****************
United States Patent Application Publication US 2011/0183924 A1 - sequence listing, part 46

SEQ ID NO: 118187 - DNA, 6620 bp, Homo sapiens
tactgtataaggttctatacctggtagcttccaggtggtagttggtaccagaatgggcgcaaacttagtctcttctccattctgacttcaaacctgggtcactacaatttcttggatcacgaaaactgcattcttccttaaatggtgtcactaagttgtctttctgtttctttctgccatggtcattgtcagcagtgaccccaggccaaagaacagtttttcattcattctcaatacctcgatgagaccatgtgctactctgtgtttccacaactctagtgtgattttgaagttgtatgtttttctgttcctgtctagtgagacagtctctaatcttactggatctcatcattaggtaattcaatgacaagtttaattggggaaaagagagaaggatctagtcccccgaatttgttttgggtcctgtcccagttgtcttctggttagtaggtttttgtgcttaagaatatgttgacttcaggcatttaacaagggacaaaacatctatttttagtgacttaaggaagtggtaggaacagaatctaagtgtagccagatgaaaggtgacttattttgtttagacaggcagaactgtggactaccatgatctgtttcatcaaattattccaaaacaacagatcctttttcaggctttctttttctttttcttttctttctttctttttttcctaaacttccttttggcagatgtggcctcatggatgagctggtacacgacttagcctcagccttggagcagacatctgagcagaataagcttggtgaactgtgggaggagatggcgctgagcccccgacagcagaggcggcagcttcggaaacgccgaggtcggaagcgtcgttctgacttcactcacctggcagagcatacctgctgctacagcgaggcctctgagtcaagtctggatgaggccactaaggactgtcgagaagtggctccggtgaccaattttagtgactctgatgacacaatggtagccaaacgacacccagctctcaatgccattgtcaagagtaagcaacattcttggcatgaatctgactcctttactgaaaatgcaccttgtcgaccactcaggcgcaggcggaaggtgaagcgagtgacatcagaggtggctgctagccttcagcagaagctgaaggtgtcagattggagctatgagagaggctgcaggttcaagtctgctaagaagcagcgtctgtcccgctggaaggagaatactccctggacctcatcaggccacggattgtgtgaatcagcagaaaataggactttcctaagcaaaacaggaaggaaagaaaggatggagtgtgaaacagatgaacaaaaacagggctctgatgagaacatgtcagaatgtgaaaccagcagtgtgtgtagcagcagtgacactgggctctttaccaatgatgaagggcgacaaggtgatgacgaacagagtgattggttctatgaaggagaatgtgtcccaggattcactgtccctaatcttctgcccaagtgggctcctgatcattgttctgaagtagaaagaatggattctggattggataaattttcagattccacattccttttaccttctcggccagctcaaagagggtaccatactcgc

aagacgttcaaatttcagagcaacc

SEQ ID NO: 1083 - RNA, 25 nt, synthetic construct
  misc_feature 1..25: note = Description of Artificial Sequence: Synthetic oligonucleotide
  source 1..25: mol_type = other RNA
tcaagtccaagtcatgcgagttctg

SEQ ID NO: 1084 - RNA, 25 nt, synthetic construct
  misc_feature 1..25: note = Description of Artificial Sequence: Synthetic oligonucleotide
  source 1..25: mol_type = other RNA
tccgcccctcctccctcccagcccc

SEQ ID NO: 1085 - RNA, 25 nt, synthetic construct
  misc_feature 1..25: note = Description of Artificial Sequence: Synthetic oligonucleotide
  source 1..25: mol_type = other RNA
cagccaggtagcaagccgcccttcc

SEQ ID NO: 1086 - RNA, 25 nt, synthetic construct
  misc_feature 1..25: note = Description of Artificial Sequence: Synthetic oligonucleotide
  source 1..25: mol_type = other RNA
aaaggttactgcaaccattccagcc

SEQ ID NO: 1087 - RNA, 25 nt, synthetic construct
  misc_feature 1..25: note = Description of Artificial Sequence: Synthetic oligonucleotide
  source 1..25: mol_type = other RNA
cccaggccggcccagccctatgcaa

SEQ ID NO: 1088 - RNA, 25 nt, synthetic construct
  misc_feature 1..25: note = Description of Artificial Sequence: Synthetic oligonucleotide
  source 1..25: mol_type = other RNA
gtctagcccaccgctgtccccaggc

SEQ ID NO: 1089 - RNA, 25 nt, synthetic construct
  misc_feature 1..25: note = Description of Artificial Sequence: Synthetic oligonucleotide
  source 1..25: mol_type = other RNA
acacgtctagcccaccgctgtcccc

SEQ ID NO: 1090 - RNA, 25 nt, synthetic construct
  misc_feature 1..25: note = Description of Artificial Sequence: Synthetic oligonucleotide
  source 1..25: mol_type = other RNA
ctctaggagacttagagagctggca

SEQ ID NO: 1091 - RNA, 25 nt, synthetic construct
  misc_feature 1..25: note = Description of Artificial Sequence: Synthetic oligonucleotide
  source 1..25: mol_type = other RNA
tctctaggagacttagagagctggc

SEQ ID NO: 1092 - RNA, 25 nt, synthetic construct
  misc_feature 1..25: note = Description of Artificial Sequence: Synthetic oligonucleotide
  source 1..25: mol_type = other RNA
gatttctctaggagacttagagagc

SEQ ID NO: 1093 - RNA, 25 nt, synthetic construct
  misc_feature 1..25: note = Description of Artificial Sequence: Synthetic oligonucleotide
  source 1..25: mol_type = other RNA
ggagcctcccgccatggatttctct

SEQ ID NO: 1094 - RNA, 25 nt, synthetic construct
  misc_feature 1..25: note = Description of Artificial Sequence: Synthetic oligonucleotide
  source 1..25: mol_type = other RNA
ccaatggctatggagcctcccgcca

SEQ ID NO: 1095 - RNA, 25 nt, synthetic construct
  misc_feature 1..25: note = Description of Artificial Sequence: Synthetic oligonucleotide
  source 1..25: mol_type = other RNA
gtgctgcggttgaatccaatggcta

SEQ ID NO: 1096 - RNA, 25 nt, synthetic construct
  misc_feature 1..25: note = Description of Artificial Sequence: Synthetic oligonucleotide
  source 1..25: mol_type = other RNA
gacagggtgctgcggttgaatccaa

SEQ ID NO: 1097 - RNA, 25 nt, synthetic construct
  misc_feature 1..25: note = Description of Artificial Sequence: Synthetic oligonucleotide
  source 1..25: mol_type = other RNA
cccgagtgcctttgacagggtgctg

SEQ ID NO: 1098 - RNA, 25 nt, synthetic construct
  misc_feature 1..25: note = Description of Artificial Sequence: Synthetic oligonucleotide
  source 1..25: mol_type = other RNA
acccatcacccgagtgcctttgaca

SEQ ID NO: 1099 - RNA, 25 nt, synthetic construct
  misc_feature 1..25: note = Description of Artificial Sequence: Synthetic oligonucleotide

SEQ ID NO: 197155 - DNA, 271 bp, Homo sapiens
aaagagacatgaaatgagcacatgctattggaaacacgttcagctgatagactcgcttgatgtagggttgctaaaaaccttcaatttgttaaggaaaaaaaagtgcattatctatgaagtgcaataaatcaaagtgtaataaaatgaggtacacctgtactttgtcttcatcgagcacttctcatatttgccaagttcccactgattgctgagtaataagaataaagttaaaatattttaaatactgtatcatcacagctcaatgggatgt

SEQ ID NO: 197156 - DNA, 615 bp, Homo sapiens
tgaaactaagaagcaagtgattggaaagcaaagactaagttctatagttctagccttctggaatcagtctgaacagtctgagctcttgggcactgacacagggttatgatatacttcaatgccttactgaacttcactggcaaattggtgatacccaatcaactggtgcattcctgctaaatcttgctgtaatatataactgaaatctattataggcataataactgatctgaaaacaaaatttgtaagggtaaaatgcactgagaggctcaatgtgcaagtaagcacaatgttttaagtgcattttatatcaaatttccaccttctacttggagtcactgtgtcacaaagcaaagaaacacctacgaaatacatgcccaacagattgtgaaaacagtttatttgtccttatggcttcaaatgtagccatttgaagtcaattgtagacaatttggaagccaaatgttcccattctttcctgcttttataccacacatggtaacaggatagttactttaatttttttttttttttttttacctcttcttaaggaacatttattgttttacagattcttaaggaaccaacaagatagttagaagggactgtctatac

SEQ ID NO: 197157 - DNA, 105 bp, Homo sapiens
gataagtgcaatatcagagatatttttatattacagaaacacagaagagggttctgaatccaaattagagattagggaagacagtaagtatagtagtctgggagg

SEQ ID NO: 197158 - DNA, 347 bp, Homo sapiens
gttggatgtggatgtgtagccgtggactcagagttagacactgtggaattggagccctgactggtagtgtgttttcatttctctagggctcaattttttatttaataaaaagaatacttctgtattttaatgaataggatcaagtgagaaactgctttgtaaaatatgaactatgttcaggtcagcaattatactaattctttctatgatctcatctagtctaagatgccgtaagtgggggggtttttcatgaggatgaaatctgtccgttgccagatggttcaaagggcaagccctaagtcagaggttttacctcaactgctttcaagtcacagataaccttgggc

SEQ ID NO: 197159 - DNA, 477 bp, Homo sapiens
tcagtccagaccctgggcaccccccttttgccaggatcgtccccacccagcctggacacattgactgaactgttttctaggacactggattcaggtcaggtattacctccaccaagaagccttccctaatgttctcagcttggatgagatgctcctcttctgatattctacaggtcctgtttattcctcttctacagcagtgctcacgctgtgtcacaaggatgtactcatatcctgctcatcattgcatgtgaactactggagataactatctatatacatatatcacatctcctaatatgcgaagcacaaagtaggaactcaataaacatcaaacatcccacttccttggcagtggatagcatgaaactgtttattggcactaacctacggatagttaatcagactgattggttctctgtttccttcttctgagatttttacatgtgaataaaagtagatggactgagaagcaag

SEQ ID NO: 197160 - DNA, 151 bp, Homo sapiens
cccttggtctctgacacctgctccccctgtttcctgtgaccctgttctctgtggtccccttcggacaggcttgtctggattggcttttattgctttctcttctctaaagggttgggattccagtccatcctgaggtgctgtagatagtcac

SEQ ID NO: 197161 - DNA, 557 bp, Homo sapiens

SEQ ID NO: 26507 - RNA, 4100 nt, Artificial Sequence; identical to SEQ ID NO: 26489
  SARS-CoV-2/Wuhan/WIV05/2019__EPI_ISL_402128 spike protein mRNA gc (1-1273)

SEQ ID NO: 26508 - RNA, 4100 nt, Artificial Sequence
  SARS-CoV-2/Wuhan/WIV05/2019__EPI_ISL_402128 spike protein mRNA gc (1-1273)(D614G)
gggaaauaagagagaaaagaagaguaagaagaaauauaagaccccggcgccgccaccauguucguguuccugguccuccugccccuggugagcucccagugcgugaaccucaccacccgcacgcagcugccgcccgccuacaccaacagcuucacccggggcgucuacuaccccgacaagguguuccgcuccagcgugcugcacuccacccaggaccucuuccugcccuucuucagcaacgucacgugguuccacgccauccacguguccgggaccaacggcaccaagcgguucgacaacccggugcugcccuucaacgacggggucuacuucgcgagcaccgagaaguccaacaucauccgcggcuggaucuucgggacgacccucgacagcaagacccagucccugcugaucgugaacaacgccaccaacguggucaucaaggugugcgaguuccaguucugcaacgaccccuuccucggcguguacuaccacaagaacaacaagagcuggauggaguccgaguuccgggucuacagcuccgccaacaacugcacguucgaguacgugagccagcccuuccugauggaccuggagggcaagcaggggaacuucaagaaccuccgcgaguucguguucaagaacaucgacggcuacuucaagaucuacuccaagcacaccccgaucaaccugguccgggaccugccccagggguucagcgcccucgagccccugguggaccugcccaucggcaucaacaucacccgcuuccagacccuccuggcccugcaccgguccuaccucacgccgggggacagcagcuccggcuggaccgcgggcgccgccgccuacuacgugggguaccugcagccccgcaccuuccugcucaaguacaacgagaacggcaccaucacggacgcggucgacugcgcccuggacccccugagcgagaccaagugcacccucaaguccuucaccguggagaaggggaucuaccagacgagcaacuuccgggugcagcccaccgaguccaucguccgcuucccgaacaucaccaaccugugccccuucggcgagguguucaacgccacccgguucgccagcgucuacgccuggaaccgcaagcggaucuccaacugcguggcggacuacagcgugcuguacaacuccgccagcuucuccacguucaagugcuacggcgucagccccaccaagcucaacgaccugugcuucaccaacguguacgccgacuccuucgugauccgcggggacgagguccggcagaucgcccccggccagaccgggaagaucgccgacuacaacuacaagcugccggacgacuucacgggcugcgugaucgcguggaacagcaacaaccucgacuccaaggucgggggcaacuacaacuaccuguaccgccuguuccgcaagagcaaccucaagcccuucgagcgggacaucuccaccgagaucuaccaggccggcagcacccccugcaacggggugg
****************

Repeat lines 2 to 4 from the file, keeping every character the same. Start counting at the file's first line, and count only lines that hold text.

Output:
SEQ ID NO: 118187 - DNA, 6620 bp, Homo sapiens
tactgtataaggttctatacctggtagcttccaggtggtagttggtaccagaatgggcgcaaacttagtctcttctccattctgacttcaaacctgggtcactacaatttcttggatcacgaaaactgcattcttccttaaatggtgtcactaagttgtctttctgtttctttctgccatggtcattgtcagcagtgaccccaggccaaagaacagtttttcattcattctcaatacctcgatgagaccatgtgctactctgtgtttccacaactctagtgtgattttgaagttgtatgtttttctgttcctgtctagtgagacagtctctaatcttactggatctcatcattaggtaattcaatgacaagtttaattggggaaaagagagaaggatctagtcccccgaatttgttttgggtcctgtcccagttgtcttctggttagtaggtttttgtgcttaagaatatgttgacttcaggcatttaacaagggacaaaacatctatttttagtgacttaaggaagtggtaggaacagaatctaagtgtagccagatgaaaggtgacttattttgtttagacaggcagaactgtggactaccatgatctgtttcatcaaattattccaaaacaacagatcctttttcaggctttctttttctttttcttttctttctttctttttttcctaaacttccttttggcagatgtggcctcatggatgagctggtacacgacttagcctcagccttggagcagacatctgagcagaataagcttggtgaactgtgggaggagatggcgctgagcccccgacagcagaggcggcagcttcggaaacgccgaggtcggaagcgtcgttctgacttcactcacctggcagagcatacctgctgctacagcgaggcctctgagtcaagtctggatgaggccactaaggactgtcgagaagtggctccggtgaccaattttagtgactctgatgacacaatggtagccaaacgacacccagctctcaatgccattgtcaagagtaagcaacattcttggcatgaatctgactcctttactgaaaatgcaccttgtcgaccactcaggcgcaggcggaaggtgaagcgagtgacatcagaggtggctgctagccttcagcagaagctgaaggtgtcagattggagctatgagagaggctgcaggttcaagtctgctaagaagcagcgtctgtcccgctggaaggagaatactccctggacctcatcaggccacggattgtgtgaatcagcagaaaataggactttcctaagcaaaacaggaaggaaagaaaggatggagtgtgaaacagatgaacaaaaacagggctctgatgagaacatgtcagaatgtgaaaccagcagtgtgtgtagcagcagtgacactgggctctttaccaatgatgaagggcgacaaggtgatgacgaacagagtgattggttctatgaaggagaatgtgtcccaggattcactgtccctaatcttctgcccaagtgggctcctgatcattgttctgaagtagaaagaatggattctggattggataaattttcagattccacattccttttaccttctcggccagctcaaagagggtaccatactcgc

aagacgttcaaatttcagagcaacc